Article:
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Sean Daly, Michelle Stark and Sharon Kennedy Wynne

Talking Fall TV on NPR: Even when people of color star, they rarely see others who look like them

24

September

the-mindy-project-fox-2012-season-1-poster.jpgFor me, about halfway through the pilot episode of The Mindy Project, it was official: I love watching Mindy Kaling.

It's not just that her new Fox sitcom nails a pop culture-savvy, fresh comedic voice looking at life and love for young thirtysomethings, focused on a hopelessly romantic doctor struggling to make reality match the rom coms she grew up on.

It's that, as an Indian American woman of a certain shade and body type, she looks so different from the Katherine Heigls and Jennifer Anistons who came before her in the romantic comedy world. 

But I also noticed something else about the world Kaling, a former writer on NBC's The Office, built for herself on Fox.

There's no one else who looks like her in it for very long.

In other words, the show's core cast -- the characters we'll see each week and the guys who pop up as her various love interests -- are all white. Which makes you feel as if diversity can only go so far -- even in a sitcom executive produced by and starring a woman of color.

I noticed the same situation in CBS' new show Elementary, a revamp of the Sherlock Holmes legend starring Lucy Liu as a new school Dr. Watson. But when I asked the producers if we might see storylines referencing Dr. Joan Watson's ethnicity as well as her gender -- there's a bit of early sexual tension played up in the pilot -- producer Carl Beverly told me this:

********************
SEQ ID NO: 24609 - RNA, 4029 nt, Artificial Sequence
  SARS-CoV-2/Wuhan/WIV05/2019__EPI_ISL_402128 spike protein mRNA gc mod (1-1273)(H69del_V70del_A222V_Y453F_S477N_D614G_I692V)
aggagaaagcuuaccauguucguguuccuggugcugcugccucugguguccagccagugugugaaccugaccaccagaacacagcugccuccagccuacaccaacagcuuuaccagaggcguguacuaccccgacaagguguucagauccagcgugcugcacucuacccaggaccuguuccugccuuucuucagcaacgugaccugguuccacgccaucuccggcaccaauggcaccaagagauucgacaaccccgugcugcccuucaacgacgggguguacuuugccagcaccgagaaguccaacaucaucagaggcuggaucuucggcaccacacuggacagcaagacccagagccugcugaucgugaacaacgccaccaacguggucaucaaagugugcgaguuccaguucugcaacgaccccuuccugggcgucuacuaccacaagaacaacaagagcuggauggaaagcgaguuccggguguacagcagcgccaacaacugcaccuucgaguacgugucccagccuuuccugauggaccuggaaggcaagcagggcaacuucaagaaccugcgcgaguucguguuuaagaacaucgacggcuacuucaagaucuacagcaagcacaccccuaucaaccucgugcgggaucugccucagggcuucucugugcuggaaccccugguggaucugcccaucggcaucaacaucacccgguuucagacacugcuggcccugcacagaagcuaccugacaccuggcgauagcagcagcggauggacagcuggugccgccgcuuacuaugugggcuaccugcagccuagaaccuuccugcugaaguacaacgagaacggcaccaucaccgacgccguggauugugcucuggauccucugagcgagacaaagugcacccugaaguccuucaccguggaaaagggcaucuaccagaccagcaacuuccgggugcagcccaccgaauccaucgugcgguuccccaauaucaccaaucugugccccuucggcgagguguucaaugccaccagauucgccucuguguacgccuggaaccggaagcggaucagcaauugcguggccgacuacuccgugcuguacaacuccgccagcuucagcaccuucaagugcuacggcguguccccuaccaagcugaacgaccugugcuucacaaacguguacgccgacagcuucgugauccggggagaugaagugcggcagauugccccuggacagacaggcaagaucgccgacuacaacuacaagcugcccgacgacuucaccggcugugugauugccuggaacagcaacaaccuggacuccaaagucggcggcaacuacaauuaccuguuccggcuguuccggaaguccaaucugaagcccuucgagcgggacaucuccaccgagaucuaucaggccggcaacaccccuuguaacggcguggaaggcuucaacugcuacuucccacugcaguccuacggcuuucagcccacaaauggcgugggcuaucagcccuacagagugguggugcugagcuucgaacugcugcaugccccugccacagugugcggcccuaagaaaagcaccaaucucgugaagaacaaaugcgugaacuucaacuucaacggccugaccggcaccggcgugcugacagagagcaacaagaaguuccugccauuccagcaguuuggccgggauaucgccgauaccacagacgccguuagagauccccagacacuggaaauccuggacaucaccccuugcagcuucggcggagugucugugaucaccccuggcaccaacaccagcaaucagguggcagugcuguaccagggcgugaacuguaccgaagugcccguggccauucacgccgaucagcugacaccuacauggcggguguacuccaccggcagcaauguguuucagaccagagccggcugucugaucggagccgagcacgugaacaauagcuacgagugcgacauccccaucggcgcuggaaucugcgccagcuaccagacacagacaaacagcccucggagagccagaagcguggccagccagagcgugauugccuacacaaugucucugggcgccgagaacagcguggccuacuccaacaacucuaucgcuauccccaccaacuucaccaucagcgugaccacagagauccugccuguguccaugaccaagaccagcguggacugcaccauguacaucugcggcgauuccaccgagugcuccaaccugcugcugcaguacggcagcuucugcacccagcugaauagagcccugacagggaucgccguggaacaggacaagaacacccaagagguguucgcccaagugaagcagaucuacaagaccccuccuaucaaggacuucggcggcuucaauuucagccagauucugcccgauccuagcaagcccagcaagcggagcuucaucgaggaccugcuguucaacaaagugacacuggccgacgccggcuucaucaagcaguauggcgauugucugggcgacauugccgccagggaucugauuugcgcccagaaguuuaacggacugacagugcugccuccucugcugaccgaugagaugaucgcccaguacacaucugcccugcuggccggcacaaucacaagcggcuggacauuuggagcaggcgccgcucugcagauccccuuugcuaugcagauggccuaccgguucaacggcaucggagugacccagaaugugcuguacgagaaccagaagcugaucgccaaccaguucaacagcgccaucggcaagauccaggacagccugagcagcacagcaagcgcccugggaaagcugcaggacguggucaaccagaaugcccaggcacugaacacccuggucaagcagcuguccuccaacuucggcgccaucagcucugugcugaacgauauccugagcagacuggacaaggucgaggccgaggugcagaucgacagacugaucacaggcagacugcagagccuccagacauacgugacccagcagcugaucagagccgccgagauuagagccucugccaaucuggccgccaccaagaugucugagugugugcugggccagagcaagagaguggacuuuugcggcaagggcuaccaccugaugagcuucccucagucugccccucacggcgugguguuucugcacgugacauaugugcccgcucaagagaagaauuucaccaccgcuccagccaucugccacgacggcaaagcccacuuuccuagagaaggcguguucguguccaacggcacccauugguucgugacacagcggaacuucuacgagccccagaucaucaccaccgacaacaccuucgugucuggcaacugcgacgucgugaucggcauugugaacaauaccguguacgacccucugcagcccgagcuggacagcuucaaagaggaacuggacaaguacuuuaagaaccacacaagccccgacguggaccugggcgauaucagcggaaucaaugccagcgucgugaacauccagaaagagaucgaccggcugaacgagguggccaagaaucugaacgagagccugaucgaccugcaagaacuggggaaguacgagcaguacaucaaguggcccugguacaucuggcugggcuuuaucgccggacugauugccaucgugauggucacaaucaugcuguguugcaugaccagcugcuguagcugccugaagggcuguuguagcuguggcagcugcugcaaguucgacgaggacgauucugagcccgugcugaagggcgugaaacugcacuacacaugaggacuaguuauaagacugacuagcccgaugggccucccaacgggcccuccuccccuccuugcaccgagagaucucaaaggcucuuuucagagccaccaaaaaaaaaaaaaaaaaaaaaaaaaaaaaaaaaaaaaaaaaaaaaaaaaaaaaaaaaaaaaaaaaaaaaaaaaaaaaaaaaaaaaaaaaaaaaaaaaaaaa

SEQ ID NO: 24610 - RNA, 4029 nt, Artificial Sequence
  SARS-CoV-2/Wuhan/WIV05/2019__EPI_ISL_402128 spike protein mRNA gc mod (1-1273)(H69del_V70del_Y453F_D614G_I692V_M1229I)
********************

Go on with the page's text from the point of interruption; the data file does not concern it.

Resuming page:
"I think you maximize diversity by not speaking to it," he said. "Our society reflects all kinds of cultures and all kinds of people. We coexist, and I think by putting her, by putting Lucy in the show and not speaking to it, it just speaks to the way that we live our lives in society."

elementary-liu.jpgUm, not really. What not referencing her ethnicity maximizes is the comfort of TV producers, who don't have to worry about offending viewers by getting something wrong or putting too many people of color in a show playing to audiences which are still predominantly white.

We're past the days when most new TV shows had no people of color in them. But most series still only feature characters of color as buddies or sidekicks; the starring role remains a glass ceiling for many.

I pulled together a commentary on this for NPR, just to talk about how the struggle for ethnic balance in television is sometimes about encouraging producers to go beyond casting one character of color isolated from others like them.  Sometimes, it's about using that character to pull in a whole host of characters to add a new flavor to the storytelling and bring a different culture into the spotlight.

Check it out below.

  

[Last modified: Tuesday, September 25, 2012 8:01am]

    

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